Conservative Management for Small, Older Dogs – Kismet

My 17 year old Peke Kismet tore her CCL 3 weeks ago now. She’s never stopped putting weight on it. In fact she’s never shown any signs of pain whatsoever.

When it initially happened I thought she had something in her paw which was causing her to limp. The Orthopedic specialist said he didn’t want to do the surgery due to her age, but her blood work just came back, and according to her regular vet, she’s as healthy as a 1 year old. Now I’m being pressured to have the surgery but honestly I just can’t afford it at this time. Plus I’m still concerned about putting Kismet through that at her age.

I guess I’m looking for any advice on CM. My vet practices holistic and conventional medicine. Right now we are wrapping up two weeks of Metacam and she’s taking collagen supplements. We are also doing laser therapy on her. I’m keeping her confined to a small area as well. Tomorrow I’m picking up some glucosomine/chondrotin/msm. What else am I missing? I feel so horrible. Kismet is also blind and deaf. Her walks mean EVERYTHING to her with that super nose of hers. I need to get her back up and walking. Any advice would be so greatly appreciated.

6 thoughts on “Conservative Management for Small, Older Dogs – Kismet

  1. I used the advice I found from Dr. Mike Richards from many years ago (vetinfo.com). He said that in his experience, smaller dogs (under 35 pounds) did as well without surgery, in the long run, as with surgery. So when Max, my very active 9 year old, 20 pound Cairn Terrier, ruptured his ACL last June, I searched the internet, found tiggerpoz.com and other dog knee injury forums. I started glucosamine/chondroitin/msm supplements, and allowed moderate exercise (so that he wouldn’t lose too much muscle). He had no pain whatsoever, until one bad morning six weeks after the initial injury, when he started crying in pain. I raced him to the vet, where they x-rayed his whole body, and found nothing except equal arthitis in both the good and the injured knees.The vet told me that the supplements were to be given for the rest of Max’s life, and I appreciated her non-judgemental attitude about my decision to not have surgery. Also the pain went away that same day. I later learned that this could have been a referred base-of-the-tail-pain, from his gait being “off” as a result of the injury. He had ten days of Rimadyl and within a few weeks seemed 100%. Five months out, he reinjured the knee (once again limping), but the forums assured me that this often happened, and complete recovery was still possible. Within a short time, Max was 100% again, and remains that way 9 months from the intial injury.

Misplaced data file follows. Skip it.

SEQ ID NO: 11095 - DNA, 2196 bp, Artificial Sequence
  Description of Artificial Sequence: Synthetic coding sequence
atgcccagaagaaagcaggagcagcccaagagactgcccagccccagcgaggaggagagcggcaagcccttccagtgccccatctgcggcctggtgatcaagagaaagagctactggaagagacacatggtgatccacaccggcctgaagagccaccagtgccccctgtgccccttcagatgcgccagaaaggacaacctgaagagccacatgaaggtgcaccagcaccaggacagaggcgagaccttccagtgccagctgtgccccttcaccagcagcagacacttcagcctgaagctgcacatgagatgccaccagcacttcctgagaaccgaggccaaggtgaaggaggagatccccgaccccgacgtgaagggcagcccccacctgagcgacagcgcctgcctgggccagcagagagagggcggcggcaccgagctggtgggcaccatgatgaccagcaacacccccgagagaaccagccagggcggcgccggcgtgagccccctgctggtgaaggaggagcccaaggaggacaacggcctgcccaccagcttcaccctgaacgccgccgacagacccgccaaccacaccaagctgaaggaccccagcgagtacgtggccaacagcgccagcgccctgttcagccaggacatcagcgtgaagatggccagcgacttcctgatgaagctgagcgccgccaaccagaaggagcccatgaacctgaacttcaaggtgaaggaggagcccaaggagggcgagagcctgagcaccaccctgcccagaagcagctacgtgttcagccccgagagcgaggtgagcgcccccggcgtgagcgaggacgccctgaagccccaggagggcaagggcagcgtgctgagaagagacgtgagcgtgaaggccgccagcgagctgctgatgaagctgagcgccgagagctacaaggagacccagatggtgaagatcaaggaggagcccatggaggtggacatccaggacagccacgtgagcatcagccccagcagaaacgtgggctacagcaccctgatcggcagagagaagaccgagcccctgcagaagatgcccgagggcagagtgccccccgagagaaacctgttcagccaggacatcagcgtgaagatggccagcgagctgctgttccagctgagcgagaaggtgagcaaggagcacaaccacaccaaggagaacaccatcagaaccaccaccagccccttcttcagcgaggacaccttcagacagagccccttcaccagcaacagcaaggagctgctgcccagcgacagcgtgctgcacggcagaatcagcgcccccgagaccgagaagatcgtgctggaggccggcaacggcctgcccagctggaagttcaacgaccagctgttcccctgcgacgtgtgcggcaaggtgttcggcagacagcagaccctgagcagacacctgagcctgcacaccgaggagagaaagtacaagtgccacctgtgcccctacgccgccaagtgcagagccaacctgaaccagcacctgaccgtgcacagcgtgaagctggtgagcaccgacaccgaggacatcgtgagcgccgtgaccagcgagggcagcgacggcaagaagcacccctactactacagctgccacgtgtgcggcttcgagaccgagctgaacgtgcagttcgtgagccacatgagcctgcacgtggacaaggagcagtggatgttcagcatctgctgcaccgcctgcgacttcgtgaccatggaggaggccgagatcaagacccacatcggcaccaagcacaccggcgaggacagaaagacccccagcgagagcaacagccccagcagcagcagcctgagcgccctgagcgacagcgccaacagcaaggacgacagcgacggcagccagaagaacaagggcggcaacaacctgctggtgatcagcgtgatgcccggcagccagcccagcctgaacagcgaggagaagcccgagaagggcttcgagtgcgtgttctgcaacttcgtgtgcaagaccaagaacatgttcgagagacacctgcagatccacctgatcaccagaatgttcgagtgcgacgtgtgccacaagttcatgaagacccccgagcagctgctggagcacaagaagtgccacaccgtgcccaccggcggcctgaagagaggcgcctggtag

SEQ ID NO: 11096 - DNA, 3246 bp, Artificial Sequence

1. Hello,

      What was your daily conservative management routine like? Did you use a brace, harness or any other tools like those?

  2. I walked Max by himself (without his brother and sister), so that we could walk slowly, and for a short time. I carried him up and down the steps of the house, and placed helper steps next to our bed. I tried to balance resting the injured knee with enough activity to keep the muscle tone. This went on for four weeks. Because he stopped limping within a couple of weeks, I didn’t put him in a brace – though I had looked into getting one.

  3. Our 1 1/2 year old Shih-tzu has a torn CCL. It’s been a week since it happened and he was given mild pain pills. and we were to limit his activities. He’s been more than happy to lay around, but now he wants to go on his walks. He is still favoring his leg. At the revisit today we were told he should have surgery. I’ve been on line looking up the different surgeries ever since. Two seem very invasive and it seems there could be follow up surgeries and we were told the other knee would probably fail too. I’m very torn. I’ve had more than my share of surgeries and know how important rest and rehab are. I was hoping the Tightrope procedure would be the best as it is the least invasive but apparently it is not for small dogs. Need advice….seeking a 2nd opinion next Monday. His name is Bandit.

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